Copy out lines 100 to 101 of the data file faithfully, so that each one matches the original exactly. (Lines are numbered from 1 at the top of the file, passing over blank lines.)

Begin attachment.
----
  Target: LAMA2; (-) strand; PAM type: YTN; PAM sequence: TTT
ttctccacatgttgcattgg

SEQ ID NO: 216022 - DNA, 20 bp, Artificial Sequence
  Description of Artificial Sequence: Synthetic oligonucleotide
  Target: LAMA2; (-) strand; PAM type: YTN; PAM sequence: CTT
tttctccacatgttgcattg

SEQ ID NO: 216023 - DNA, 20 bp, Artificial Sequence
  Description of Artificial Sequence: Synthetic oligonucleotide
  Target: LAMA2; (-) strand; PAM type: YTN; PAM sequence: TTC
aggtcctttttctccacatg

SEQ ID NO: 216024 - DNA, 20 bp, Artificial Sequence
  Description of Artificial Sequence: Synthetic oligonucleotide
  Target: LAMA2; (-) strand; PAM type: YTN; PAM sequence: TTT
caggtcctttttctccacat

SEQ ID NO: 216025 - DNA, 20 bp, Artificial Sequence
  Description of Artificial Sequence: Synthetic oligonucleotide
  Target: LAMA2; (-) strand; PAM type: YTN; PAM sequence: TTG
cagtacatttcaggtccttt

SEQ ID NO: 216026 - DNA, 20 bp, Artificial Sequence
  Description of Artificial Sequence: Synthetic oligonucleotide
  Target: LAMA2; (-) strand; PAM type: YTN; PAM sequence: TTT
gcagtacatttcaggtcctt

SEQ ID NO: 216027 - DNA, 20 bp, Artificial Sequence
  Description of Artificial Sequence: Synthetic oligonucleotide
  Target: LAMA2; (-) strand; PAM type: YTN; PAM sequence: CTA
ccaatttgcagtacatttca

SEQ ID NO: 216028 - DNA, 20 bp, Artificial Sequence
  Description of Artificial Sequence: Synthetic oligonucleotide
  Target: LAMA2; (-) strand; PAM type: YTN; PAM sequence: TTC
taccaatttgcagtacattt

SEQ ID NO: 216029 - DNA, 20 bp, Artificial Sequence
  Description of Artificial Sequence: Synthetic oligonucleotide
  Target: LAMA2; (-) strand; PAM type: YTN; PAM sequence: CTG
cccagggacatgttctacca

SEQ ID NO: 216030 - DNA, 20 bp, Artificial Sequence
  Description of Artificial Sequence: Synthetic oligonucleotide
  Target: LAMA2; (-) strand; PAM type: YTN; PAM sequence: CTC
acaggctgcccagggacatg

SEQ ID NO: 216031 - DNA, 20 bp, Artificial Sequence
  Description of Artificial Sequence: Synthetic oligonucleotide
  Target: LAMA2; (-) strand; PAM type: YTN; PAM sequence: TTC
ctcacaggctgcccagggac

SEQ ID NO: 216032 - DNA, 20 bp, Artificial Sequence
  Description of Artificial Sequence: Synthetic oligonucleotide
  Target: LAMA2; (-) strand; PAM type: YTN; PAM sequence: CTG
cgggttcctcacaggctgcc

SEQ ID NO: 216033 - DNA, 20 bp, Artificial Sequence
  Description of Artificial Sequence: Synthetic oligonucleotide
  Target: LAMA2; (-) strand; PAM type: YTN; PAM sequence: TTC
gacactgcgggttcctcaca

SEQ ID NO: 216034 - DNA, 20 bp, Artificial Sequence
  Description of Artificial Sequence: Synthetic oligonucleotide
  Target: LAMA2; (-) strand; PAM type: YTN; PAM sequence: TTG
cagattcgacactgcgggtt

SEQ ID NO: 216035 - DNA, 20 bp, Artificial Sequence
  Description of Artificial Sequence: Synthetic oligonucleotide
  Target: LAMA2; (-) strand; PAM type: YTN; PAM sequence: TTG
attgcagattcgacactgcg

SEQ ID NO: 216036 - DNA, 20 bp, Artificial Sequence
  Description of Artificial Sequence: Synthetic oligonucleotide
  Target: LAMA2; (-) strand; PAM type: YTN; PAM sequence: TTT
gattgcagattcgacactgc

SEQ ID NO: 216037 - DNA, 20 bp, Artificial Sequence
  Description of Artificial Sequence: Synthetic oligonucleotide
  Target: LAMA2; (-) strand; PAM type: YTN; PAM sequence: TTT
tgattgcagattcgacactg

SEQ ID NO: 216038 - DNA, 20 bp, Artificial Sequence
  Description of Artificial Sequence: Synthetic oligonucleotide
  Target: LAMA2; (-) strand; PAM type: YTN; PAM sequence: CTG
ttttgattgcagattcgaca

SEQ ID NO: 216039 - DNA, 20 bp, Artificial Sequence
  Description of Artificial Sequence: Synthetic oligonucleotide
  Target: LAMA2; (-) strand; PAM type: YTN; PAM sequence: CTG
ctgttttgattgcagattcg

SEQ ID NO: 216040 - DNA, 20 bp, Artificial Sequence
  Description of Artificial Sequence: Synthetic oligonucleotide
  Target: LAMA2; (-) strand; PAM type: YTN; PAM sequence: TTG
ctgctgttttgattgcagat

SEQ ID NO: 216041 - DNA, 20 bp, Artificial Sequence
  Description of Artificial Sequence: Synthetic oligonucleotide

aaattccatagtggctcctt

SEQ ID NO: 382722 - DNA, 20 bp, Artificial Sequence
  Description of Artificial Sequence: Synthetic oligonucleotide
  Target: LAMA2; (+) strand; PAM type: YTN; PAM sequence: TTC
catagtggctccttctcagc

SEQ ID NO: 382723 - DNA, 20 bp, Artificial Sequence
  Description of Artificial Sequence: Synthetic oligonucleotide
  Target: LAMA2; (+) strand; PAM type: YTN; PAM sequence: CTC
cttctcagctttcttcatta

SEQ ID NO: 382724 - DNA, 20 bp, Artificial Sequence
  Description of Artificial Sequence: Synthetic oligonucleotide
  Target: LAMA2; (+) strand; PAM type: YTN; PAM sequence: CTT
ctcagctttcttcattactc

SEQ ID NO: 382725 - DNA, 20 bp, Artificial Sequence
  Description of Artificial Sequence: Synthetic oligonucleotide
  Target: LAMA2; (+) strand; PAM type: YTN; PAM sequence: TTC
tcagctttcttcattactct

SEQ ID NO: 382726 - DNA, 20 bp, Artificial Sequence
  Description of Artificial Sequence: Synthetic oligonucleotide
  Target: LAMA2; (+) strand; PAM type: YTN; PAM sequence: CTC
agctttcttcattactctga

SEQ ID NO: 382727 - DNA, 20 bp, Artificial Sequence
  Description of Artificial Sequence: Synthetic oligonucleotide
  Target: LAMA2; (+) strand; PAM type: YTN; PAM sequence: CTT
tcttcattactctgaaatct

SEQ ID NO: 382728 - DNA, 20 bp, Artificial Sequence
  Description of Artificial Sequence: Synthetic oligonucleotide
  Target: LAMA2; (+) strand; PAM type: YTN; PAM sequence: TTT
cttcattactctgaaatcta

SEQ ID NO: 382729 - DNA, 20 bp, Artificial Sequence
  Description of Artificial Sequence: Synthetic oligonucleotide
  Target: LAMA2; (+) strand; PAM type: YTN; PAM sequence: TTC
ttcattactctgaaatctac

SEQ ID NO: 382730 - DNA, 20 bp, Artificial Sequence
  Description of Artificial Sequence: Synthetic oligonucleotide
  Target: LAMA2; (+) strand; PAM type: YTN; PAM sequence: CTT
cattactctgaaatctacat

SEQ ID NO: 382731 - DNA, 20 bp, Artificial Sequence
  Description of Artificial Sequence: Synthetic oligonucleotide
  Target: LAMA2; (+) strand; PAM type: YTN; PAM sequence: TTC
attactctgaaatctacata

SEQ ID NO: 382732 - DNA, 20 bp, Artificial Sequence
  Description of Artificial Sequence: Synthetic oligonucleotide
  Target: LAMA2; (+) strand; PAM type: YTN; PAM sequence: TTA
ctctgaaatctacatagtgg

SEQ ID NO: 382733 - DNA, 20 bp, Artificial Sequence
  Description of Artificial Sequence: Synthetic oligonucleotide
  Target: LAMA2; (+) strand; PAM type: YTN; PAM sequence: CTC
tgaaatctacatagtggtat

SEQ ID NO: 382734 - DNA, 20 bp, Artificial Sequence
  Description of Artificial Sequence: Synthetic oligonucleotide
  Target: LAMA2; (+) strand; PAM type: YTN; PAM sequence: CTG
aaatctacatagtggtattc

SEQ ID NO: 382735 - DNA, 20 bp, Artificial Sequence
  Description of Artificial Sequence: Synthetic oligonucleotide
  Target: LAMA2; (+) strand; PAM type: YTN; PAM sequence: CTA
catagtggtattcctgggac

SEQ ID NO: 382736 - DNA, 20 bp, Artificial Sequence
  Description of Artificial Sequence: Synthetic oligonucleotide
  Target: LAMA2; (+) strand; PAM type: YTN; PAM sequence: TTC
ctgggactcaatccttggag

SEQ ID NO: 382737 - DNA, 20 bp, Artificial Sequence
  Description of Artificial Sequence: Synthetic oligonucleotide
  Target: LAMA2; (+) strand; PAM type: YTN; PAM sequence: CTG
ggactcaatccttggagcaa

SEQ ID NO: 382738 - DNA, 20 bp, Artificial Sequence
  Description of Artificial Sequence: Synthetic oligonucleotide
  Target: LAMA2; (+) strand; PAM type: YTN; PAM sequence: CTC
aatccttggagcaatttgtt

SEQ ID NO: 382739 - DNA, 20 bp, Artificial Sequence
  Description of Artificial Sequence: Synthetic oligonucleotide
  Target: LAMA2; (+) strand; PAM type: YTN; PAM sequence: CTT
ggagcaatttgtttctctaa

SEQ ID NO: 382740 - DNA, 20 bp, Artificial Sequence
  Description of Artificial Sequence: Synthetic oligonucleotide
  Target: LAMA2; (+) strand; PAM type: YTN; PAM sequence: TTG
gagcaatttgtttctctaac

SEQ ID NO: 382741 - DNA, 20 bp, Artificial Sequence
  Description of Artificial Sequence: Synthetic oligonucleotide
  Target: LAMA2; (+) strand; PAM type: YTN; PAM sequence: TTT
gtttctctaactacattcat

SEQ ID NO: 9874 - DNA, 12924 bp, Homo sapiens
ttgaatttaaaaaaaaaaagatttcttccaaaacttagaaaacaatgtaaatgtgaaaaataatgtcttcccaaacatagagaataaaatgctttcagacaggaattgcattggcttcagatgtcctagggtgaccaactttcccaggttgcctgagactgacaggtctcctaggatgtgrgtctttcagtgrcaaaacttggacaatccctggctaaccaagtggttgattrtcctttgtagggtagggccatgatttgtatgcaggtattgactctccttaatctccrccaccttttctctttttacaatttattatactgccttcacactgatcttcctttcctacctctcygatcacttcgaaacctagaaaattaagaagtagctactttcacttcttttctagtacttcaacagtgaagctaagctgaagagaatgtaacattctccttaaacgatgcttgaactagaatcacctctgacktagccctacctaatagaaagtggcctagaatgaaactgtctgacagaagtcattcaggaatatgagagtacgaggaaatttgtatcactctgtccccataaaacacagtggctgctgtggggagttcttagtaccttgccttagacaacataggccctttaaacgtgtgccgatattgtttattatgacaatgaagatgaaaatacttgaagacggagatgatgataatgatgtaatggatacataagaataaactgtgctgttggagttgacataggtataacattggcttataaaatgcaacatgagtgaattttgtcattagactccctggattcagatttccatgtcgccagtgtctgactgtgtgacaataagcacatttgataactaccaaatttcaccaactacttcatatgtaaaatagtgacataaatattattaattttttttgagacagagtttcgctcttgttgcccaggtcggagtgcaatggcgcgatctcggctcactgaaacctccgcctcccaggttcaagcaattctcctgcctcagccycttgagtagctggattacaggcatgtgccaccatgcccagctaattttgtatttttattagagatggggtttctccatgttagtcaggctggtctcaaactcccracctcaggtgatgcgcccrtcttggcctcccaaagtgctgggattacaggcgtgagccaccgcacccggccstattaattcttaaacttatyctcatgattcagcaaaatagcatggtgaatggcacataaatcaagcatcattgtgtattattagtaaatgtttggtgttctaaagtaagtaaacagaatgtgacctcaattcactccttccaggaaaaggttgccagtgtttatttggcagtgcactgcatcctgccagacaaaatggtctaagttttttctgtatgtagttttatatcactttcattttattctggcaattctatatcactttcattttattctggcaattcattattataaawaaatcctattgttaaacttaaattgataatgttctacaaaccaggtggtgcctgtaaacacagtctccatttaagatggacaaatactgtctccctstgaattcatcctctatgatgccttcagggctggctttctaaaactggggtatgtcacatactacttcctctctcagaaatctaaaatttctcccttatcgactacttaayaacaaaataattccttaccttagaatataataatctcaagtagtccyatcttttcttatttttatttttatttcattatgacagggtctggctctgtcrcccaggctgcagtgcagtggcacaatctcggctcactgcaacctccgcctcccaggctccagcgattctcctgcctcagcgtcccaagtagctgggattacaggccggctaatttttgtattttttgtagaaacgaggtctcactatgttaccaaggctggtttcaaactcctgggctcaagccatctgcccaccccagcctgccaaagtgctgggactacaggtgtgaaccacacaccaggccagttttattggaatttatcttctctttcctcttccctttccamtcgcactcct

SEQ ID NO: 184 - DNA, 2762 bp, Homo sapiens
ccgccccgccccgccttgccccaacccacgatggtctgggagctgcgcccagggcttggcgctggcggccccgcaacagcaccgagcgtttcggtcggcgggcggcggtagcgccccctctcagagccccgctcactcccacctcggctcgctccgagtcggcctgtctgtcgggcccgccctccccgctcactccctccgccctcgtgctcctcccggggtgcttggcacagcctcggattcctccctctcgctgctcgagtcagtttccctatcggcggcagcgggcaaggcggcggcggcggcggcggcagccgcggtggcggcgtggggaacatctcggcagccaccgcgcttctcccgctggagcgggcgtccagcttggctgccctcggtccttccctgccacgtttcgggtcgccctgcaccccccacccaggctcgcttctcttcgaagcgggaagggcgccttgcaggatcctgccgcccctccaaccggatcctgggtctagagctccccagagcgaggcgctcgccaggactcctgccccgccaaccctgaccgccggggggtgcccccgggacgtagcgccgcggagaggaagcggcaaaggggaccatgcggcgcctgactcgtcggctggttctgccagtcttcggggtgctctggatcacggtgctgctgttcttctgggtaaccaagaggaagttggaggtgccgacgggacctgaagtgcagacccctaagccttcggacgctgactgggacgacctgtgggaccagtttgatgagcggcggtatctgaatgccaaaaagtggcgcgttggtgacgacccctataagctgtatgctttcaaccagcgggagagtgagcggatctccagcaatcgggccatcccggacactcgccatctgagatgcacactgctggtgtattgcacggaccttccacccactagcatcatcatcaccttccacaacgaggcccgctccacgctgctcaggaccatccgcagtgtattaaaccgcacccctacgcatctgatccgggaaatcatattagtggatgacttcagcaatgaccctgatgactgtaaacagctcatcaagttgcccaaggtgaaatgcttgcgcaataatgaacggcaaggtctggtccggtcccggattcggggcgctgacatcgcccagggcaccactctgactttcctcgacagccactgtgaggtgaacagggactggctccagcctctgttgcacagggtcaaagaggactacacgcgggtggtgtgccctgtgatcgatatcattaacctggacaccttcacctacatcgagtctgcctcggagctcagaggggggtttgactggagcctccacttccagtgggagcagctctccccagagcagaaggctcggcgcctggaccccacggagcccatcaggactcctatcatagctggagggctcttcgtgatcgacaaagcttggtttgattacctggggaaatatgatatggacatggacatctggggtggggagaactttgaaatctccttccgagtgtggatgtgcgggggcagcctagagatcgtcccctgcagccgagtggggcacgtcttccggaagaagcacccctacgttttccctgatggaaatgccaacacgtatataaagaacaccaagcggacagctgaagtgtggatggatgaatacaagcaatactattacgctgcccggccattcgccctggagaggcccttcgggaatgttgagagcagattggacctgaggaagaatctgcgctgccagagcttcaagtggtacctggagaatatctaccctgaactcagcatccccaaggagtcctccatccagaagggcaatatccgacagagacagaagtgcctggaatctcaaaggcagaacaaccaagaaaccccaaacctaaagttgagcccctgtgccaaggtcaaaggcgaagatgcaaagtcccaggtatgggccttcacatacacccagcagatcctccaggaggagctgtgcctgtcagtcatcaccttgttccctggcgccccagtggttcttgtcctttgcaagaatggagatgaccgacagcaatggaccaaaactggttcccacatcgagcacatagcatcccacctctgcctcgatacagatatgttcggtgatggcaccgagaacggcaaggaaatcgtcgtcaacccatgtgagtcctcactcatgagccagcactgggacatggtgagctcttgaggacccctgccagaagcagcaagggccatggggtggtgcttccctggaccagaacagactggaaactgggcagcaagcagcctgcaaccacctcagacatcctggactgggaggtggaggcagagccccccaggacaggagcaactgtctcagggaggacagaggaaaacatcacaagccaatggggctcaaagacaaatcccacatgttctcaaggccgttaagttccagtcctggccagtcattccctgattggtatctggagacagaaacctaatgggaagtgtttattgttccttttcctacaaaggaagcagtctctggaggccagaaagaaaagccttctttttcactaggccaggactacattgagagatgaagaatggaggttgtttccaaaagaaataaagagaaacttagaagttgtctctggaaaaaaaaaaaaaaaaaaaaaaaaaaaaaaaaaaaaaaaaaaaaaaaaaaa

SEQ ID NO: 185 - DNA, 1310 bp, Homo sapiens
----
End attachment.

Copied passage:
  Target: LAMA2; (+) strand; PAM type: YTN; PAM sequence: CTC
agctttcttcattactctga